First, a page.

Celtic Connections

The Transports

Glasgow Royal Concert Hall

Rob Adams

four stars

BACK in 1975 folk singer and songwriter Peter Bellamy learned the story of two thieves, Henry Cabell and Susannah Holmes who, in the 18th century, had met in Norwich jail while waiting to be transported to, it turned out, Botany Bay. They were the lucky ones as Cabell’s two accomplices were hanged and unlikely as it might now seem, he and Holmes were able to cohabit in prison, where Holmes had a son.

Bellamy took his own life, aged forty-seven, in 1991 but he left a mighty legacy in the folk opera that he developed from this piece of local history and this handsome new production both serves his memory splendidly and gives the Transports contemporary resonance.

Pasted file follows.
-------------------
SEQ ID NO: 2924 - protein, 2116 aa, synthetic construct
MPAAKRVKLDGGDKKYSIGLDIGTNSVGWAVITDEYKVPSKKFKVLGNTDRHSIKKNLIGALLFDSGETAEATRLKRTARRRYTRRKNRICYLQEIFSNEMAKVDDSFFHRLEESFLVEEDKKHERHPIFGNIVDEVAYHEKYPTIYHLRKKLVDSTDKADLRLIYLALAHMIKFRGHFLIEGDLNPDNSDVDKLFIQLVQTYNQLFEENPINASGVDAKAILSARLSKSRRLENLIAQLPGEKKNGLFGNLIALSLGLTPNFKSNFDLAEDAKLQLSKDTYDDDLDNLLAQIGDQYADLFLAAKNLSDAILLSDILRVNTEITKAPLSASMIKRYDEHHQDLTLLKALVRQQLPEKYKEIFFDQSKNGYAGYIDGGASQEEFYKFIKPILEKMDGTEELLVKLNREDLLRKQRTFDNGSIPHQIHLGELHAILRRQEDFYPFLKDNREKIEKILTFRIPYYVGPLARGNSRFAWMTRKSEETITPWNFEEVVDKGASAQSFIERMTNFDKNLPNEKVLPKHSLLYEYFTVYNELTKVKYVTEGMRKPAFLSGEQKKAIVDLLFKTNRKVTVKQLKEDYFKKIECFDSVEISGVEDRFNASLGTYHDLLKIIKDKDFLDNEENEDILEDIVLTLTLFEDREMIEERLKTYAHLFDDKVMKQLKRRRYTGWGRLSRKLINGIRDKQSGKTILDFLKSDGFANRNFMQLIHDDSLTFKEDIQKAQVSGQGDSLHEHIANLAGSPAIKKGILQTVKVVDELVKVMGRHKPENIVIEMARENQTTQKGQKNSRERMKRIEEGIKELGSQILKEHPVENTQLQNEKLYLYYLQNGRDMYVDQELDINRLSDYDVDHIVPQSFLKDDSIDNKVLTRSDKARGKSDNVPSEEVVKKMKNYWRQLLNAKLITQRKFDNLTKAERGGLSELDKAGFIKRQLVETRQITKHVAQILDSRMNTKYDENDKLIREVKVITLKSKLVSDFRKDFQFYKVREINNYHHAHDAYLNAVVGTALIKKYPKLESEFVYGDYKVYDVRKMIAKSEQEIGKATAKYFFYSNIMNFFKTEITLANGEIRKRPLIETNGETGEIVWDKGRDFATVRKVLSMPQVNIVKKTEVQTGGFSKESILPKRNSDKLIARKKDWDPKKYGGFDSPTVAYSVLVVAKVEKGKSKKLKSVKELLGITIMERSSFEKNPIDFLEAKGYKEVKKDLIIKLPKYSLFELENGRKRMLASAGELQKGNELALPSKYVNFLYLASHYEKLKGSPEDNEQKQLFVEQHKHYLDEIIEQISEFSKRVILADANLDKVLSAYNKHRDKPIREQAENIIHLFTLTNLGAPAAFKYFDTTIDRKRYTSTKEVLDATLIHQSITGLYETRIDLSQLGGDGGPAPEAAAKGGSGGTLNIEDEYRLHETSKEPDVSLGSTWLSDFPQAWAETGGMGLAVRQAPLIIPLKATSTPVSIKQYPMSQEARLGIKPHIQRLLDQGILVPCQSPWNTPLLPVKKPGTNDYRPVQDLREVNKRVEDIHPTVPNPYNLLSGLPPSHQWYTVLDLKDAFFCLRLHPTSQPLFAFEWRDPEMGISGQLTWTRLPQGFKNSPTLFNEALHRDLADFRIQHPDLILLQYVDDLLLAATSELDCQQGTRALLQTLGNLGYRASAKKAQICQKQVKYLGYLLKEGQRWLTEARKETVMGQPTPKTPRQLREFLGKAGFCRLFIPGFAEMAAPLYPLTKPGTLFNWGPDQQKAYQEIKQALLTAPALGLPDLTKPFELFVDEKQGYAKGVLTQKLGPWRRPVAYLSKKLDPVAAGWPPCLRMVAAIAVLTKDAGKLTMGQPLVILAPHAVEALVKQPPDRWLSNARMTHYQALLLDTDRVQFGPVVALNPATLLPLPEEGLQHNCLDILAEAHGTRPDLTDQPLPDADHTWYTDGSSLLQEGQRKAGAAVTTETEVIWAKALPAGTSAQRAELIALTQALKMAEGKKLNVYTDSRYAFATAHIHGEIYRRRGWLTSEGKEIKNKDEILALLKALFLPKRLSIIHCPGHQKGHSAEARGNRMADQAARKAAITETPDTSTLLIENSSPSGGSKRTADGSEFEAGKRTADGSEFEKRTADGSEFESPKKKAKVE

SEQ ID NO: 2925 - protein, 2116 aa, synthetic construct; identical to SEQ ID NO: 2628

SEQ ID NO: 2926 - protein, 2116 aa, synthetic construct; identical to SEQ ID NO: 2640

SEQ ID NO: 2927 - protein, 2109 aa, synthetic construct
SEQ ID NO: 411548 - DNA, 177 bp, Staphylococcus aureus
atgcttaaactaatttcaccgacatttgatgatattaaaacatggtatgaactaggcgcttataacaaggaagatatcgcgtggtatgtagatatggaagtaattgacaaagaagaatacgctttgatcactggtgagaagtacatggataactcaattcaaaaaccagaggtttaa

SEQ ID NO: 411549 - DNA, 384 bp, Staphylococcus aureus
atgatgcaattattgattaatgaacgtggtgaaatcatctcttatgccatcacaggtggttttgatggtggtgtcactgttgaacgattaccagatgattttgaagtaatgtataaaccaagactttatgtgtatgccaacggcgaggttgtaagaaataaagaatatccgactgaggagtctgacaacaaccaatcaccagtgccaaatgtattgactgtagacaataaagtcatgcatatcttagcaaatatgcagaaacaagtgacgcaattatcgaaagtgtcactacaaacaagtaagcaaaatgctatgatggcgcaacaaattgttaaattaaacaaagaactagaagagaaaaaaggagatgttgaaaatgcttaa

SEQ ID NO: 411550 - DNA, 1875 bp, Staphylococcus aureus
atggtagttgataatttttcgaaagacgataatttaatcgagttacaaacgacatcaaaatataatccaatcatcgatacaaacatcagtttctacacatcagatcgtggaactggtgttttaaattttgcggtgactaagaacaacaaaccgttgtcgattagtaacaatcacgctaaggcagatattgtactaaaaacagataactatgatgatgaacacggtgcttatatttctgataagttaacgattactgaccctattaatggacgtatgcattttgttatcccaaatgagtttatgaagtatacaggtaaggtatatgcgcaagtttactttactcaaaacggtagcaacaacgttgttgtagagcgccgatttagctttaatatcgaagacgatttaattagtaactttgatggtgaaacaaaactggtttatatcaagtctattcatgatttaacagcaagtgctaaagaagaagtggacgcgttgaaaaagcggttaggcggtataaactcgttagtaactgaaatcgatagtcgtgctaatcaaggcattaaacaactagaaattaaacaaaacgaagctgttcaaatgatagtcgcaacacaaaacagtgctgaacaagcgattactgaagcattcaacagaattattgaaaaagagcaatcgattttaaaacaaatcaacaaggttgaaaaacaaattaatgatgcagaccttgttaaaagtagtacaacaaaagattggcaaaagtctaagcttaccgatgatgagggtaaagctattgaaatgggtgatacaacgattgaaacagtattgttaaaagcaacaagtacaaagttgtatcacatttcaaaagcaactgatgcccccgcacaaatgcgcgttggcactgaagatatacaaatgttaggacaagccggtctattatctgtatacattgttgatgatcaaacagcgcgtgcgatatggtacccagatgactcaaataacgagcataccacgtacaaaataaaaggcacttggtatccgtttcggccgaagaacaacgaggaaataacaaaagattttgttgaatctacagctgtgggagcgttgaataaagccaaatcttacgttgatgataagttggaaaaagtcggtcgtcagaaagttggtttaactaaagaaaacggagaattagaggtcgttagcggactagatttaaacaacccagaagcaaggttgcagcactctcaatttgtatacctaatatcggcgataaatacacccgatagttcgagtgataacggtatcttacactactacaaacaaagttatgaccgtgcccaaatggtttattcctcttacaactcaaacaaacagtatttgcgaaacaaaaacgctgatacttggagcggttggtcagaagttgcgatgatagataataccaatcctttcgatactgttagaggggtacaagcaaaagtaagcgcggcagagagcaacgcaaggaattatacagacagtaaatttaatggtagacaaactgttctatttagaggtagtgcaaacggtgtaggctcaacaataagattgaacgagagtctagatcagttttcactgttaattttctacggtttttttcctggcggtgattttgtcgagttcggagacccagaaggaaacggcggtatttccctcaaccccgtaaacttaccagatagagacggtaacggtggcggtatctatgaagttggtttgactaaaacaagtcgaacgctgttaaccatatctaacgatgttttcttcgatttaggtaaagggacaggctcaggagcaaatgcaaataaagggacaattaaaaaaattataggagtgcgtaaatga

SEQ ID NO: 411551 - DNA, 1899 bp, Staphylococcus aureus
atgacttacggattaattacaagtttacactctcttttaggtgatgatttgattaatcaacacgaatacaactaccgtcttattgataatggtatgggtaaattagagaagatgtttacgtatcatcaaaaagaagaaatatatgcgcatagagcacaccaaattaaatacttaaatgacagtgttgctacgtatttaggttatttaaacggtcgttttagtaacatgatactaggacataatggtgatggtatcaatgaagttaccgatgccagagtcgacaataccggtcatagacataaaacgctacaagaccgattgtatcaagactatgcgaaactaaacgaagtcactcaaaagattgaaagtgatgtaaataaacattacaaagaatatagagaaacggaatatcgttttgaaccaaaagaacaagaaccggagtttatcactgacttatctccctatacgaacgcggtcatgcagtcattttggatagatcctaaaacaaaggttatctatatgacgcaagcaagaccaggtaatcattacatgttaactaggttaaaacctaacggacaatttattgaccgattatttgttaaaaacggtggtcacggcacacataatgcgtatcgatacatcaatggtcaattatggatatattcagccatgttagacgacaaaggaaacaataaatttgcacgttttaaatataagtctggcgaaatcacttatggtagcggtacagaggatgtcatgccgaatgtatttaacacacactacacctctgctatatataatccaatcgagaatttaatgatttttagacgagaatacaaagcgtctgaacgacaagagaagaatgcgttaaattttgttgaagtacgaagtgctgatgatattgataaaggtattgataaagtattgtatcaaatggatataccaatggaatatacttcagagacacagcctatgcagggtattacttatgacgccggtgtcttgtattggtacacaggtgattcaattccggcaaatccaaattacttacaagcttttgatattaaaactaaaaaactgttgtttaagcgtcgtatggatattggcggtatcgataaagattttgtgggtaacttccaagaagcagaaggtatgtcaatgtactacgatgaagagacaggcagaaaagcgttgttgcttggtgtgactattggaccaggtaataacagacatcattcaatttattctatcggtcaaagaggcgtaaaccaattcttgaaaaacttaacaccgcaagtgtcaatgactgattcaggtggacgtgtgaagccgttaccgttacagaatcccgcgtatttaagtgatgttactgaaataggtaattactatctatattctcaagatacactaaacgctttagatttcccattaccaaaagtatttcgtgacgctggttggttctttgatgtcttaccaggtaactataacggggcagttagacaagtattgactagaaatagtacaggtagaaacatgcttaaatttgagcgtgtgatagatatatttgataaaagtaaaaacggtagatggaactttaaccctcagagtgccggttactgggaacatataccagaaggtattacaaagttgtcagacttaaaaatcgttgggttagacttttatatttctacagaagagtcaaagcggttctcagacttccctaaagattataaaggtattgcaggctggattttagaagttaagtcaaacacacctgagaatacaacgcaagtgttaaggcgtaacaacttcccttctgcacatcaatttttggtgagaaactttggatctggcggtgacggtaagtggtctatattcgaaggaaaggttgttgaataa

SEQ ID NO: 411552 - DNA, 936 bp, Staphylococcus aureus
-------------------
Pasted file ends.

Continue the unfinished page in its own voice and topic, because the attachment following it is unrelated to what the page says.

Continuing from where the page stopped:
It’s quite a tale, showing bleak inhumanity but also heroic humaneness, and narrator Matthew Crampton strikes just the right balance between informing and entertaining as, despite some grim statistics and all too apt comparisons with today’s mass migration, the show manages to be both tragedy and romp.

There are excellent individual performances, especially from Greg Russell in the roles of the pompous know-all who recommends Botany Bay as the destination and the turnkey who persuades the home secretary to let Cabell and Holmes take their son with them.

This is, though, essentially an ensemble success with instrumental arrangements drawing fiddles, frets, cello, accordions and reeds together appositely and the cast of ten’s voices uniting in magnificently lusty, rousing chorus on a triumphant Green Fields of England. It’s just setting off on tour, but I don’t think it’s giving too much away to those who haven’t seen previous incarnations to mention Cabell’s transformation from convict to chief constable.